Although I'm still new to the bookstore-signing scene, having done just two (the most recent one earlier this month), I am quickly learning what works and what doesn't work for me. Here are my conclusions:
1. Most authors can't just sit behind signs with pictures of their book covers and expect to generate sales to strangers. Of course, that'll work if you're a world-famous author like Stephen King. But most of us have to stand in a main aisle and introduce ourselves (and our books) to customers.
2. Don't be shy and reserved. I once watched an author spend hours slumped in a chair, not promoting her novels at all. The only books she sold were to friends.
3. Don't be loud and obnoxious. I watched another author scream at people (from his seat) as they entered the bookstore: "Do you like [name of genre] books?" Nearly everyone said "no" and I didn't see him sell a book.
4. Be friendly and outgoing. I wear a badge that has both my name and a picture of the cover of DUST and stand at the front of the store as a kind of unofficial greeter, smiling at people as they enter. Most make eye contact and some even say "hello" to me. Then I go into my spiel: "Hi. My name is Susan Berliner and I've just published a book called DUST." (I hold up the book.) "Do you like supernatural thrillers like those written by Stephen King or Dean Koontz?" Most people say, "no" or "sorry," and I thank them for their time.
5. Let people who like your genre skim through the book. I hand fans of paranormal fiction—about 20% of the people I talk to—my book while I summarize the plot: "DUST is a supernatural thriller about an evil swirl of dust that terrorizes a condo development..."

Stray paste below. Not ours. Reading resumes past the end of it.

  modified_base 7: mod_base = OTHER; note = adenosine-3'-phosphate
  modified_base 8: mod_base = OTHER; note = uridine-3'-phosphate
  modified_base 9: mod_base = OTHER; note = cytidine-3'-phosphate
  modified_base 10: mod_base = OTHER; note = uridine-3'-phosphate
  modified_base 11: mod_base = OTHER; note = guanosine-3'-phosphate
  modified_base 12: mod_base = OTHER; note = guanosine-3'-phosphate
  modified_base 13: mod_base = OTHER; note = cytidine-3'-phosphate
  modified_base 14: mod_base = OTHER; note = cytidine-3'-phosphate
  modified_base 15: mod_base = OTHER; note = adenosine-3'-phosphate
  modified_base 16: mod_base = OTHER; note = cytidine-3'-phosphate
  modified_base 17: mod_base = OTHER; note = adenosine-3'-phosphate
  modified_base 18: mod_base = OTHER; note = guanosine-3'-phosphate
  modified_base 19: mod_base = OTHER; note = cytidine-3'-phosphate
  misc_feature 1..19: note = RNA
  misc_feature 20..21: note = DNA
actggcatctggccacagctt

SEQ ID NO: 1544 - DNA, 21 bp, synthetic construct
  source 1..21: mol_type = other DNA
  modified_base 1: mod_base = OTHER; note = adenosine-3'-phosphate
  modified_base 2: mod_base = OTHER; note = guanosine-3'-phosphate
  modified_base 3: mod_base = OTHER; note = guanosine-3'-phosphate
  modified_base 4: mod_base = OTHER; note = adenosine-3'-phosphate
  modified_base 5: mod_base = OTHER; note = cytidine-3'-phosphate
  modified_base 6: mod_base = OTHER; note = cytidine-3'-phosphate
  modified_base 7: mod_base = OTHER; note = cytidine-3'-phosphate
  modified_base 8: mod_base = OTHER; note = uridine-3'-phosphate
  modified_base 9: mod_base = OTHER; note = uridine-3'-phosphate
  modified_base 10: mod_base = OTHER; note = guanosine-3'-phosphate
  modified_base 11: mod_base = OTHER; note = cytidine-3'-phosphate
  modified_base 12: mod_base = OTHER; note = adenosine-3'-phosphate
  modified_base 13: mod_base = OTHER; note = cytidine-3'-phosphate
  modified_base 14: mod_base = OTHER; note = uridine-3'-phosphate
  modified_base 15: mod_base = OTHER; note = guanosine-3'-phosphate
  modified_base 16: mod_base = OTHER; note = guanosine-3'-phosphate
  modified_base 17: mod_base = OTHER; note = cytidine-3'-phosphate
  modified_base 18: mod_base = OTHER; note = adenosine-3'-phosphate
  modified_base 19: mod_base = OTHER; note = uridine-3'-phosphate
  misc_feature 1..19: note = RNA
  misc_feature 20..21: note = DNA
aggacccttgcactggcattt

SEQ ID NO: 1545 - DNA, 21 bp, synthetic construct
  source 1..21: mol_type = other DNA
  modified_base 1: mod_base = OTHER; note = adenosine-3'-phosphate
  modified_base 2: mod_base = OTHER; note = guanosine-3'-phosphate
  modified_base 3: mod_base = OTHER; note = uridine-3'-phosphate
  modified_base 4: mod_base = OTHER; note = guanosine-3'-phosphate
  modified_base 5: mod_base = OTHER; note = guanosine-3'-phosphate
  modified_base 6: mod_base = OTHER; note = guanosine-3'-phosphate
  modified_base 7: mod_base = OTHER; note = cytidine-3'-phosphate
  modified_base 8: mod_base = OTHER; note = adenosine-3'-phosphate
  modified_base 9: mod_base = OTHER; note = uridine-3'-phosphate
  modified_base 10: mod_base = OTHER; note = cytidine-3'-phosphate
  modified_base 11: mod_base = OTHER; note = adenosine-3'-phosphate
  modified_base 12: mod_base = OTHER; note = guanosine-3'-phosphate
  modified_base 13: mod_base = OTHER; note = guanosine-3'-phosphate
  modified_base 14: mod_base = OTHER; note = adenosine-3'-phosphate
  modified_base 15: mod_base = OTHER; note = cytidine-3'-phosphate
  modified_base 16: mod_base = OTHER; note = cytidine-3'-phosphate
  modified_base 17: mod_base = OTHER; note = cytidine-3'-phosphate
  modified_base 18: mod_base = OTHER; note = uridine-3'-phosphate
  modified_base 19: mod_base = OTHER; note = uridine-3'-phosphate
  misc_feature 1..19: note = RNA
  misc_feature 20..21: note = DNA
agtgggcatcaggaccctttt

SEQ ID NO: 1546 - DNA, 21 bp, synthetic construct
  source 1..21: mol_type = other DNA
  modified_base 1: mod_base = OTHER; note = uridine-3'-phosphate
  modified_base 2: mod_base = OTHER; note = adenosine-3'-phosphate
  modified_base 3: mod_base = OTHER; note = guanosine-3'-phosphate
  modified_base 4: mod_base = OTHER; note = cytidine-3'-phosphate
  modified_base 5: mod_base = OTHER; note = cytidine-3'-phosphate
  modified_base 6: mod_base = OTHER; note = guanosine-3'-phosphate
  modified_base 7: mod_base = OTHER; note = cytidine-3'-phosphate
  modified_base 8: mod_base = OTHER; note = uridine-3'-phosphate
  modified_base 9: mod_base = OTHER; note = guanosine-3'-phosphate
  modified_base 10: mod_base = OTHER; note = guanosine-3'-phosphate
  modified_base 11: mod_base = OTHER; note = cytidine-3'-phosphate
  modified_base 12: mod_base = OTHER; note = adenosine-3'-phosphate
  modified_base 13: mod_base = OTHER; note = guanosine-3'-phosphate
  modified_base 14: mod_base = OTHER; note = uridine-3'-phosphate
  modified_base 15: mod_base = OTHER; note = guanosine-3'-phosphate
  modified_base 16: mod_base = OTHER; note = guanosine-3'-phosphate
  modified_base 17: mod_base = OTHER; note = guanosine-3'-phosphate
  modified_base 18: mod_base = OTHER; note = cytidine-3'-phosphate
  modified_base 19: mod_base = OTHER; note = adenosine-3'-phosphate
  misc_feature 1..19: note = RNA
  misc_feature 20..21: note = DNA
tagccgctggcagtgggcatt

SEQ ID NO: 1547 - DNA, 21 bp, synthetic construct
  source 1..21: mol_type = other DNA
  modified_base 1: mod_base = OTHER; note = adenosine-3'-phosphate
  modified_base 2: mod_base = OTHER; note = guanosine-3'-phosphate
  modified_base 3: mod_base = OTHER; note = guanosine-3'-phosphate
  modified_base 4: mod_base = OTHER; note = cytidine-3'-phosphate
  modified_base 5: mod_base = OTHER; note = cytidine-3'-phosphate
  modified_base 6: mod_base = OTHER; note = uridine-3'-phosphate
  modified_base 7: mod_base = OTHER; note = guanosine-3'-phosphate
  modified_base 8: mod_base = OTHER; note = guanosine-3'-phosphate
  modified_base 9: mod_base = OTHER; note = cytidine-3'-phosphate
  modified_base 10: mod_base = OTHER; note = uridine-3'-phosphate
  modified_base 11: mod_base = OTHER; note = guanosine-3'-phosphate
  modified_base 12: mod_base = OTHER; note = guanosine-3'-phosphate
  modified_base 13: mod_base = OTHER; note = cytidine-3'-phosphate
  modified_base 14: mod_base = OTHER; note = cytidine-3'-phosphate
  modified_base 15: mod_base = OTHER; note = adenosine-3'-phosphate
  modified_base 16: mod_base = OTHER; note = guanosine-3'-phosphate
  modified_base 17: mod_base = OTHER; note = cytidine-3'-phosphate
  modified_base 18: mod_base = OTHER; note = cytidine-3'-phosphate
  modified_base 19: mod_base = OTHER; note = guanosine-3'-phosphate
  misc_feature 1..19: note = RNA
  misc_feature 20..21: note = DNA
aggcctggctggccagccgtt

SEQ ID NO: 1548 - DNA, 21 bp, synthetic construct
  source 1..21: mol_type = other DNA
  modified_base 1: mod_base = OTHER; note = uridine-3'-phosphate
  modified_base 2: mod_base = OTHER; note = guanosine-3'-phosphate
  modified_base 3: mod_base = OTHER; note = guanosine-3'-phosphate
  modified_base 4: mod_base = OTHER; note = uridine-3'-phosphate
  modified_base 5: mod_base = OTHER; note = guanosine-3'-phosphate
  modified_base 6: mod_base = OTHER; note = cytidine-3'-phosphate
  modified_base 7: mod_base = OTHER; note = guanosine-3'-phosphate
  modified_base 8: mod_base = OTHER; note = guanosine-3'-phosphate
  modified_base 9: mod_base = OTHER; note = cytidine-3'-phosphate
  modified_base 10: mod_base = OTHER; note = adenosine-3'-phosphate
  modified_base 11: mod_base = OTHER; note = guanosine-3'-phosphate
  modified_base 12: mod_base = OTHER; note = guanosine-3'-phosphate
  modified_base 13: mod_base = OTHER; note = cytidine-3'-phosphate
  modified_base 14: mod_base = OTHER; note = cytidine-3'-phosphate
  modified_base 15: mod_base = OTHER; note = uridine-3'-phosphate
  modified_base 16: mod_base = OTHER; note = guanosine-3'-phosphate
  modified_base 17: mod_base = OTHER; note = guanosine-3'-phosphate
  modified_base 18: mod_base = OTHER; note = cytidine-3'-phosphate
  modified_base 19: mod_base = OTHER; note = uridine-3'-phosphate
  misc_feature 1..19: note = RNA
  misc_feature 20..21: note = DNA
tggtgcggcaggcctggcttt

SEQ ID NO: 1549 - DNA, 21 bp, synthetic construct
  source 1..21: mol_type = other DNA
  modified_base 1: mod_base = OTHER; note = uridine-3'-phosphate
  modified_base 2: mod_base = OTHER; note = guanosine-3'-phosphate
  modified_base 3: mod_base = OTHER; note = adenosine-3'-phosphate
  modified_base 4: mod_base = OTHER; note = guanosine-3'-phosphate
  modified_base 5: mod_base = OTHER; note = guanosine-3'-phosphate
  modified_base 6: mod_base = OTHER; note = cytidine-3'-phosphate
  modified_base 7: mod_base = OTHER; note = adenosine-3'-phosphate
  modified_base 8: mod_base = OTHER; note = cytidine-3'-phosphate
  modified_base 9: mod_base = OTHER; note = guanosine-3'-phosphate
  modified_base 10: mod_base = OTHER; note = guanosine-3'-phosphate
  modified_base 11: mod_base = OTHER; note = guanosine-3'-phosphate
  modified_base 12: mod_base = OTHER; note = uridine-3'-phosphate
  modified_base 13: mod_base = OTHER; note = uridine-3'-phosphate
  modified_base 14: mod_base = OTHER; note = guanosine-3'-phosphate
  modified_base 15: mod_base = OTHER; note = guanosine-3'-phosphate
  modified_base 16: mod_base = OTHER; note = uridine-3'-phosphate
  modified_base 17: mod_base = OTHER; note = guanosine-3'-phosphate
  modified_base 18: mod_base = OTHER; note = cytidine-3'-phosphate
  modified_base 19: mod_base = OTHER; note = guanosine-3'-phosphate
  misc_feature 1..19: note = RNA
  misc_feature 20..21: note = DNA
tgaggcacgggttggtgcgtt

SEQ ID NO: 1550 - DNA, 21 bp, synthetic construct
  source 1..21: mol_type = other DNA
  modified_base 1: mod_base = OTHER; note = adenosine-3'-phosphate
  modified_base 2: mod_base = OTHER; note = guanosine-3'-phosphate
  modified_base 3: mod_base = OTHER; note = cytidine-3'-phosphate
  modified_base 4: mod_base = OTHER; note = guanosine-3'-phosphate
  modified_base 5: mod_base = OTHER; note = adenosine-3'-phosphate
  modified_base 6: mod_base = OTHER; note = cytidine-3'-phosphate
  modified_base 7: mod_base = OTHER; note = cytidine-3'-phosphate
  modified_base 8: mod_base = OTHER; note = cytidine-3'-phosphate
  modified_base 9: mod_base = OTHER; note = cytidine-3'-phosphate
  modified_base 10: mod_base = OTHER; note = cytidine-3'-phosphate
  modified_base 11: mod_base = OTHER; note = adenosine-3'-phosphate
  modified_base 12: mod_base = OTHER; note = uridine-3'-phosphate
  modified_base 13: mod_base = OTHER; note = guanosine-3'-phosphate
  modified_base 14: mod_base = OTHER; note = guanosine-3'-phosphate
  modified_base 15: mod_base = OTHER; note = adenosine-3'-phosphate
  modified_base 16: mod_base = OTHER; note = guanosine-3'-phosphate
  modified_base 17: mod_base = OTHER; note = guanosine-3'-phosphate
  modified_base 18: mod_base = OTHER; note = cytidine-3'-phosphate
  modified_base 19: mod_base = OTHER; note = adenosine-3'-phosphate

6. Find something about your book that will intrigue the customer. Since DUST is based on a real weather phenomenon called a "dust devil," I ask people if they've heard of dust devils. If they haven't, I explain dust devils are miniature tornados that arise suddenly on hot and dry spring days. I then tell them my novel was inspired by a dust devil incident in which an auto body shop collapsed, killing the owner. "It happened in Maine," I say, "so I thought Stephen King would write a novel about dust." All this time, the customer is looking through my book. Often, when I've finished my explanation, the person will offer to buy a copy.
7. Try to close the sale immediately. If the person doesn't want to buy the book, I thank him or her for listening and give him/her a DUST bookmark. Some people say they might buy the book later, but few of them ever return to my table. I usually sell DUST immediately or not at all.
8. Take a photo with the buyer. I walk the customer back to my table to sign a copy of DUST and have a picture taken of both of us with the book. (I post some of the best photos on my Website and Facebook pages.)
9. When dedicating a book, always ask the person for the spelling of the name. At my last book signing, I had two unusually spelled names: "Krisy" and "Annabela." If I hadn't asked for the correct spelling, I would have written both names incorrectly.
10. Wear comfortable shoes. After standing for more than five hours at my November book signing, my feet were killing me!